Please send me SCA's fortnightly briefing:

April 9, 2008

Given to the People

Fifteen years ago the Pollock Free State was formed as a protest against the construction of the M77 on land which had been gifted to the people of Glasgow. Although the motorway builders eventually won, the campaign left a legacy – much of which continues to thrive. A film has been made which tells some of the story


Given To The People’ is a film telling the story of the Pollok Free State. The Free State was initiated by the actions of local resident, Colin Macleod, who began a tree top protest against the building of the M77 motorway through Pollok Park in the early 1990s. Over several years this grew into a series of camps across Pollok. It sought not only to block an unwanted motorway cutting through one of Europe’s largest inner city public commons, land that had been gifted to the people of Glasgow, but also raised issues over the rights of local people to determine the use and development of public space – rights that many felt were being denied.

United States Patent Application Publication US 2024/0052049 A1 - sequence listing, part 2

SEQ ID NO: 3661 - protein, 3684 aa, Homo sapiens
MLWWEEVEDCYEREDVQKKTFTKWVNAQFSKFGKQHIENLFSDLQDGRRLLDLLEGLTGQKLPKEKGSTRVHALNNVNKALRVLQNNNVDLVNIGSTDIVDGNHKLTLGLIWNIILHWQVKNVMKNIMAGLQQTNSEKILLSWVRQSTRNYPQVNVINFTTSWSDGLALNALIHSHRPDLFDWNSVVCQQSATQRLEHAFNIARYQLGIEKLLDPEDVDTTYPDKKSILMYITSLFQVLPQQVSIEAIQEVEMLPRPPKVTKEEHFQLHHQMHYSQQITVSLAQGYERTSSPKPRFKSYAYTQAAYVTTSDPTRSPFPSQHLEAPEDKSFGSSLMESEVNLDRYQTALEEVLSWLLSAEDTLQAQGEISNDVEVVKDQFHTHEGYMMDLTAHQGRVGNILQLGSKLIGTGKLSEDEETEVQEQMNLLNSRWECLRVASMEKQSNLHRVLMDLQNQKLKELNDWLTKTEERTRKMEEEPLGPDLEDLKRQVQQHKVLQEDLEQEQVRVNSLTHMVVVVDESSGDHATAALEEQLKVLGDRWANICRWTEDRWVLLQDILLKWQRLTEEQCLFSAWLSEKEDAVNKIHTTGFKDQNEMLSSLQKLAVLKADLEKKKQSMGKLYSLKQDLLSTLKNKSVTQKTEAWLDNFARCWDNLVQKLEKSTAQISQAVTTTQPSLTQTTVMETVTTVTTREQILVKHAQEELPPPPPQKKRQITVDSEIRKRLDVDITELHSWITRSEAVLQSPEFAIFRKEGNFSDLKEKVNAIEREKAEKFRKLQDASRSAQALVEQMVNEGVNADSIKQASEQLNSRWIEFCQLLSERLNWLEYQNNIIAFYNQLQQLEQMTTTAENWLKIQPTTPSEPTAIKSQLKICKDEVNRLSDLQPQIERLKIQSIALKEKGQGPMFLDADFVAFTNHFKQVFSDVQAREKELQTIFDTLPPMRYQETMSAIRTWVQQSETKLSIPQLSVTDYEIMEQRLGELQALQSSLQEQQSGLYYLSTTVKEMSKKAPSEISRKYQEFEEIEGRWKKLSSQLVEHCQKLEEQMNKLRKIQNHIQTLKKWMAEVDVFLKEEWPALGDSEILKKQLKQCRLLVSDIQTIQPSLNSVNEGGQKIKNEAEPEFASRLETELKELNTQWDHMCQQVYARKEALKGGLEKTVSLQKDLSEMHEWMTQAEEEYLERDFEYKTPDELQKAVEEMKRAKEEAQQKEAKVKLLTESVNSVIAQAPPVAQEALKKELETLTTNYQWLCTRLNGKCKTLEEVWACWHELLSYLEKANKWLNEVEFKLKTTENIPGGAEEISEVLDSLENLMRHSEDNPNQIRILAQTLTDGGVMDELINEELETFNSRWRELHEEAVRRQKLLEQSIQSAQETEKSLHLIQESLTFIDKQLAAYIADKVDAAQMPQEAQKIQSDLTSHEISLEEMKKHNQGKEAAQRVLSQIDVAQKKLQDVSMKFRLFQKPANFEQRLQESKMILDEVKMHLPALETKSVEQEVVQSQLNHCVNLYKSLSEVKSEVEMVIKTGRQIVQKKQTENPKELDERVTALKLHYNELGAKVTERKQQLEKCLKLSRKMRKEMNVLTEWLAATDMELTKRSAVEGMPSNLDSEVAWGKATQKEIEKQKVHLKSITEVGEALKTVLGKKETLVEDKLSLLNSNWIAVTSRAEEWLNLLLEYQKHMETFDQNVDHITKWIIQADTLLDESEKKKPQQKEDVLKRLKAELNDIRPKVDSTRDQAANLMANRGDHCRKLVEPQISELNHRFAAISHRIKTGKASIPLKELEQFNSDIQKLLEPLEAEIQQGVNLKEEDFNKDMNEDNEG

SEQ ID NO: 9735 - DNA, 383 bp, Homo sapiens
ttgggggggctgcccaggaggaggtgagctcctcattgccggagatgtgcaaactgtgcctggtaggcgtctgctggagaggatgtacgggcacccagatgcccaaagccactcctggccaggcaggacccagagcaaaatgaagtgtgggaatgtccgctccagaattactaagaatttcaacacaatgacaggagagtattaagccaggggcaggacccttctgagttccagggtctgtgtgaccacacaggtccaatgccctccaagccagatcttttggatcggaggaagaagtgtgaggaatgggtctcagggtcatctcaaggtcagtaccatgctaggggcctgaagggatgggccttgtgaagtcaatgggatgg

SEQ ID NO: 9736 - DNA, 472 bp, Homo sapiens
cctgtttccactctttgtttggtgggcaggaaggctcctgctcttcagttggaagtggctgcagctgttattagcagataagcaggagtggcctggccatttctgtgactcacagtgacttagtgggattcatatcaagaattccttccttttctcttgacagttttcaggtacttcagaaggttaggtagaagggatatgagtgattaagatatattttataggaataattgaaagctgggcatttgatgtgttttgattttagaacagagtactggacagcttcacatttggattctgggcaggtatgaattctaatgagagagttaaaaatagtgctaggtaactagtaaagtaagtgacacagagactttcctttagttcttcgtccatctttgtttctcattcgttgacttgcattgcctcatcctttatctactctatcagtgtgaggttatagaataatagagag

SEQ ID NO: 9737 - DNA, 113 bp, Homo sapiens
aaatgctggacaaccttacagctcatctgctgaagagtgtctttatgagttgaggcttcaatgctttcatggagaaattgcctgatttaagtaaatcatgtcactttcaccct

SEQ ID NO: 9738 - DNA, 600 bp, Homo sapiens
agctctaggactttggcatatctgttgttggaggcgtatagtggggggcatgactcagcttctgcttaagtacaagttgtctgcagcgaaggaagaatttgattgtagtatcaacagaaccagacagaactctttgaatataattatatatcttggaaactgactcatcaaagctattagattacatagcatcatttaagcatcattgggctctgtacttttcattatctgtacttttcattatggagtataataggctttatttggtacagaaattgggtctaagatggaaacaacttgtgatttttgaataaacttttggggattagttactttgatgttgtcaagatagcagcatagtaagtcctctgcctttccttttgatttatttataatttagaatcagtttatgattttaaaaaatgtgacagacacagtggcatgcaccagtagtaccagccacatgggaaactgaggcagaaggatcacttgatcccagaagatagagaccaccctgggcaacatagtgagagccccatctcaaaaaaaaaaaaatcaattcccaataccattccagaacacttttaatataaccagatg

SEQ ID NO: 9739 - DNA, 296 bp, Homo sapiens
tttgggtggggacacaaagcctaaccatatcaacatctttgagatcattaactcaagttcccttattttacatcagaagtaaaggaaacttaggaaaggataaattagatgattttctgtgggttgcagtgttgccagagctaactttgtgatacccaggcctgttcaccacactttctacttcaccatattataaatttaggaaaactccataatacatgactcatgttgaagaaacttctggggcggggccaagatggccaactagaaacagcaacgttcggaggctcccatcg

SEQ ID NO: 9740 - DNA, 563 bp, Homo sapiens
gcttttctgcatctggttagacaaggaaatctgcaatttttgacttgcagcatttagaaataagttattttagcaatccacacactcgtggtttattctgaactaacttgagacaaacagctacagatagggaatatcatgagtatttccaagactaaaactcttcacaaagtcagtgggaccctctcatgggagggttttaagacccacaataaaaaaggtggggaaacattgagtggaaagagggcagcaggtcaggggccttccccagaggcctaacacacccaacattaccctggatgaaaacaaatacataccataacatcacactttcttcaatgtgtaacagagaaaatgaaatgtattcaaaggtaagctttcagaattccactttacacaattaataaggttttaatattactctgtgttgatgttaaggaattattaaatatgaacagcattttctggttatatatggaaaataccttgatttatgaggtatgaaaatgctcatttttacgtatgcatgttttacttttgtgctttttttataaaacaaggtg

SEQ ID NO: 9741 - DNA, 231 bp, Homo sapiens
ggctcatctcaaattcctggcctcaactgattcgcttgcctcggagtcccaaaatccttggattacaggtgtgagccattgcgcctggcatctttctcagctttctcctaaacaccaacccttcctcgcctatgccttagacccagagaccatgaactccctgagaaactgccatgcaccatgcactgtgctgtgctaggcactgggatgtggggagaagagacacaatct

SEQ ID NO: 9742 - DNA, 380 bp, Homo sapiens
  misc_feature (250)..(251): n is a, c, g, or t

Whilst the Free State was unable to stop the motorway it nevertheless succeeded in giving the people of Glasgow something far more powerful: demonstrating the ability of ordinary individuals to come together in common cause, take responsibility for their surroundings, and realise their own initiatives for transforming them. One of these was the creation of the GalGael, a locally run boatyard in Govan which has been widely recognised as one of the most successful community projects in Scotland.

Out of the chaos of the scheme an order was born – in the housing schemes people were disempowered, there was no responsibility … in the Free State people re-learned how to take responsibility and re-learned how to articulate issues that mattered to them.
– Colin Macleod

The story of the Free State is presented through a film combining original video footage from the camps, interviews with some of the many people involved, and specially composed music by the Glasgow band Foxface. The film will be presented in a free public screening at the GalGael with the music performed live by Foxface on Friday 18th April at 7pm.

On Sunday 20th April there will be a special discussion following the film, looking at the legacy of the Free State and how that relates to issues of public space and the environment in Glasgow today.

Now that public space in Glasgow is once again under threat the story of the Pollok Free State is as important today as it was ten years ago.